At WHFoods, we encourage the purchase of certified organically grown foods, and potatoes are no exception. Repeated research studies on organic foods as a group show that your likelihood of exposure to contaminants such as pesticides and heavy metals can be greatly reduced through the purchased of certified organic foods, including potatoes. In many cases, you may be able to find a local organic grower who sells potatoes but has not applied for formal organic certification either through the U.S. Department of Agriculture (USDA) or through a state agency. (Examples of states offering state-certified organic foods include California, New York, Oregon, Vermont, and Washington.) However, if you are shopping in a large supermarket, your most reliable source of organically grown potatoes is very likely to be potatoes that display the USDA organic logo.
The ideal way to store potatoes is in a dark, dry place between 45F to 50F (between 7-10C) as higher temperatures, even room temperature, will cause the potatoes to sprout and dehydrate prematurely. While most people do not have root cellars that provide this type of environment, to maximize the potato’s quality and storage, you should aim to find a place as close as possible to these conditions. Storing them in a cool, dark closet or basement may be suitable alternatives. Potatoes should definitely not be exposed to sunlight as this can cause the development of the toxic alkaloid solanine to form.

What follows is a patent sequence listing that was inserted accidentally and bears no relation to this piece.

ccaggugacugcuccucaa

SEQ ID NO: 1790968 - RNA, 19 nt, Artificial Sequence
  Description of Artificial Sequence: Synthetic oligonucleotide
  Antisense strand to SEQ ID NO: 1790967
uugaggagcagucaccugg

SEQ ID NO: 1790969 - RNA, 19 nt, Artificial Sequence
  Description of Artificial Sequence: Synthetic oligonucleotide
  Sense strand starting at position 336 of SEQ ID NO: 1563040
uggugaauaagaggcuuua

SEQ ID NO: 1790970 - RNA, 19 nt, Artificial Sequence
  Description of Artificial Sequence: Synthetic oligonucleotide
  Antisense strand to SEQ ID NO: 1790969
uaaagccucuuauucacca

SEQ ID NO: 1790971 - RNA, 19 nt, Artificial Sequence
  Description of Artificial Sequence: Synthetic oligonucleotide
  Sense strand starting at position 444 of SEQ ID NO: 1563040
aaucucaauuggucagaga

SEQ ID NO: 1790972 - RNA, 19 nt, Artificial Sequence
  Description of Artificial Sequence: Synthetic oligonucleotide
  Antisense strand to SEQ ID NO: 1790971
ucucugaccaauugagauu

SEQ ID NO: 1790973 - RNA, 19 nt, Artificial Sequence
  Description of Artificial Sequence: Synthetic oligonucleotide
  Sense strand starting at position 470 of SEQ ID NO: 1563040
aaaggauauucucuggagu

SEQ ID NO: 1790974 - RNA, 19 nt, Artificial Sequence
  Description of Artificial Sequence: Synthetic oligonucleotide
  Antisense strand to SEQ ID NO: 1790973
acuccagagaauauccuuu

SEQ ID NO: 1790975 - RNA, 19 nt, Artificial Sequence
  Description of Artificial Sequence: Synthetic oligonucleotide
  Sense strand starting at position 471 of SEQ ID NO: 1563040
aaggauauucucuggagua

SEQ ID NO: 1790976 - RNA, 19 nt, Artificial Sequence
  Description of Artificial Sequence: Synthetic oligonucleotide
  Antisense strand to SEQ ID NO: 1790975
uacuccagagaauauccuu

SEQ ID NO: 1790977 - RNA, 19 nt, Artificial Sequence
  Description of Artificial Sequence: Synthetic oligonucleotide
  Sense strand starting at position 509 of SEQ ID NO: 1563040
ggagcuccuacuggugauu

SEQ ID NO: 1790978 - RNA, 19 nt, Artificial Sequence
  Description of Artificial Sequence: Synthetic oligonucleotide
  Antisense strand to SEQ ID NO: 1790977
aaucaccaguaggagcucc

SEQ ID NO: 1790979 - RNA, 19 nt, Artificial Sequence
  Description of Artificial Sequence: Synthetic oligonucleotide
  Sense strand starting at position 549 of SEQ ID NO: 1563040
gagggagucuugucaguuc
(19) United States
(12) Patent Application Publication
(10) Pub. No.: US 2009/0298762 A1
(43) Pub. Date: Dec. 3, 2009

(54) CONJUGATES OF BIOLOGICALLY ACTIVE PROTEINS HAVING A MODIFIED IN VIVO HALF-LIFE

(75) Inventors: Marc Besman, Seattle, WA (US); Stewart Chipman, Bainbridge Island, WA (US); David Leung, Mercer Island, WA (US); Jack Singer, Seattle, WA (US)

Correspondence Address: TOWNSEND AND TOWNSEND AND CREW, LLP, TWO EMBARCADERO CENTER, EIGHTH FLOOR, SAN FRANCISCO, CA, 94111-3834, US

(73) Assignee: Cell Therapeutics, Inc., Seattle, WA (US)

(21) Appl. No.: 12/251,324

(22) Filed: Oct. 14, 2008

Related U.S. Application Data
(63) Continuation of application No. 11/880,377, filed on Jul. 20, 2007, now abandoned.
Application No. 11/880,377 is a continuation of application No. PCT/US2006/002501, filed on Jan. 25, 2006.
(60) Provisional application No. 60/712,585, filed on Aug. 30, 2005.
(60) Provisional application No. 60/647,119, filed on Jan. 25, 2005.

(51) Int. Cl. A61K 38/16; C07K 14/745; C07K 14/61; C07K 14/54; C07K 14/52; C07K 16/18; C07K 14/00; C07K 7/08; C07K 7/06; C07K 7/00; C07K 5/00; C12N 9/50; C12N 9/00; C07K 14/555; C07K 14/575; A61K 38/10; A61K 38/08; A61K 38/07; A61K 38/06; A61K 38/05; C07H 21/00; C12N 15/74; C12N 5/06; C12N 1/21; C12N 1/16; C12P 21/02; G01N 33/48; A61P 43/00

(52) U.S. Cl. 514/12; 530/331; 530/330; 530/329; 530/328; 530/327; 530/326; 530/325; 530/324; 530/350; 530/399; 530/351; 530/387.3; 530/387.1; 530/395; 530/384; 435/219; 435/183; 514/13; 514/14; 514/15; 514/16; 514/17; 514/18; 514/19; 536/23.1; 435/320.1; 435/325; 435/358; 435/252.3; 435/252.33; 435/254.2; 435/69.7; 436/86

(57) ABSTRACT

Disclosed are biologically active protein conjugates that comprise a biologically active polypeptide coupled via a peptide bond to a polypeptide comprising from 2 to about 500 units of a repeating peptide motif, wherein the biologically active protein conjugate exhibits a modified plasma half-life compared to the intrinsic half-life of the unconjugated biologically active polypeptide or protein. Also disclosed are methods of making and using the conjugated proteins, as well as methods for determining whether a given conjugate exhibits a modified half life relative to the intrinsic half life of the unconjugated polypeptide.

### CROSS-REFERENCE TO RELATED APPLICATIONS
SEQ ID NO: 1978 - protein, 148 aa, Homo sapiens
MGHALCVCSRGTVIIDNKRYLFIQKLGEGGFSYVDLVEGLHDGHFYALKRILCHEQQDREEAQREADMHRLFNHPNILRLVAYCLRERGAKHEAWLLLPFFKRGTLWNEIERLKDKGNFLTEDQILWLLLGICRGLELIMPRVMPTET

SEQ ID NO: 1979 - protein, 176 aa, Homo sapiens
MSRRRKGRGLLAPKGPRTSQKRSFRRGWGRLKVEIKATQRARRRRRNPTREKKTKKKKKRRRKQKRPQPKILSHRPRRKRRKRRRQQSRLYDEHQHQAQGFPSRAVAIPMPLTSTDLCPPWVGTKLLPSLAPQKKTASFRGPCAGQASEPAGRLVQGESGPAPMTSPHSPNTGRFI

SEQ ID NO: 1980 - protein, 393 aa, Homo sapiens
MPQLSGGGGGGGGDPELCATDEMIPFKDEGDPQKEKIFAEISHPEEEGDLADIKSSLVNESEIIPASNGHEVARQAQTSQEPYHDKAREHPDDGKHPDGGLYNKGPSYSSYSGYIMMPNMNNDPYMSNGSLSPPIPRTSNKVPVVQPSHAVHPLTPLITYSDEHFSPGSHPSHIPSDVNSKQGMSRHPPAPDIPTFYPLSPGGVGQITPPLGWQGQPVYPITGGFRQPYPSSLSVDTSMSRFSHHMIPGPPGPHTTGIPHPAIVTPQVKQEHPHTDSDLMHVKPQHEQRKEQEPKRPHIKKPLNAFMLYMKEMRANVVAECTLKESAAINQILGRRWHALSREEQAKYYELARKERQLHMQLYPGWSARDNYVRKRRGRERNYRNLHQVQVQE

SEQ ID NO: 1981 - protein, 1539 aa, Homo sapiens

Potatoes should not be stored in the refrigerator, as their starch content will turn to sugar giving them an undesirable taste. In addition, do not store potatoes near onions, as the gases that they each emit will cause the degradation of one another. Wherever you store them, they should be kept in a burlap or paper bag.
Mature potatoes stored properly can keep up to two months. Check on the potatoes frequently, removing any that have sprouted or shriveled as spoiled ones can quickly affect the quality of the others. New potatoes are much more perishable and will only keep for one week.
Cooked potatoes will keep fresh in the refrigerator for several days. Potatoes do not freeze well.
Potatoes are a very good source of vitamin B6 and a good source of potassium, copper, vitamin C, manganese, phosphorus, niacin, dietary fiber and pantothenic acid.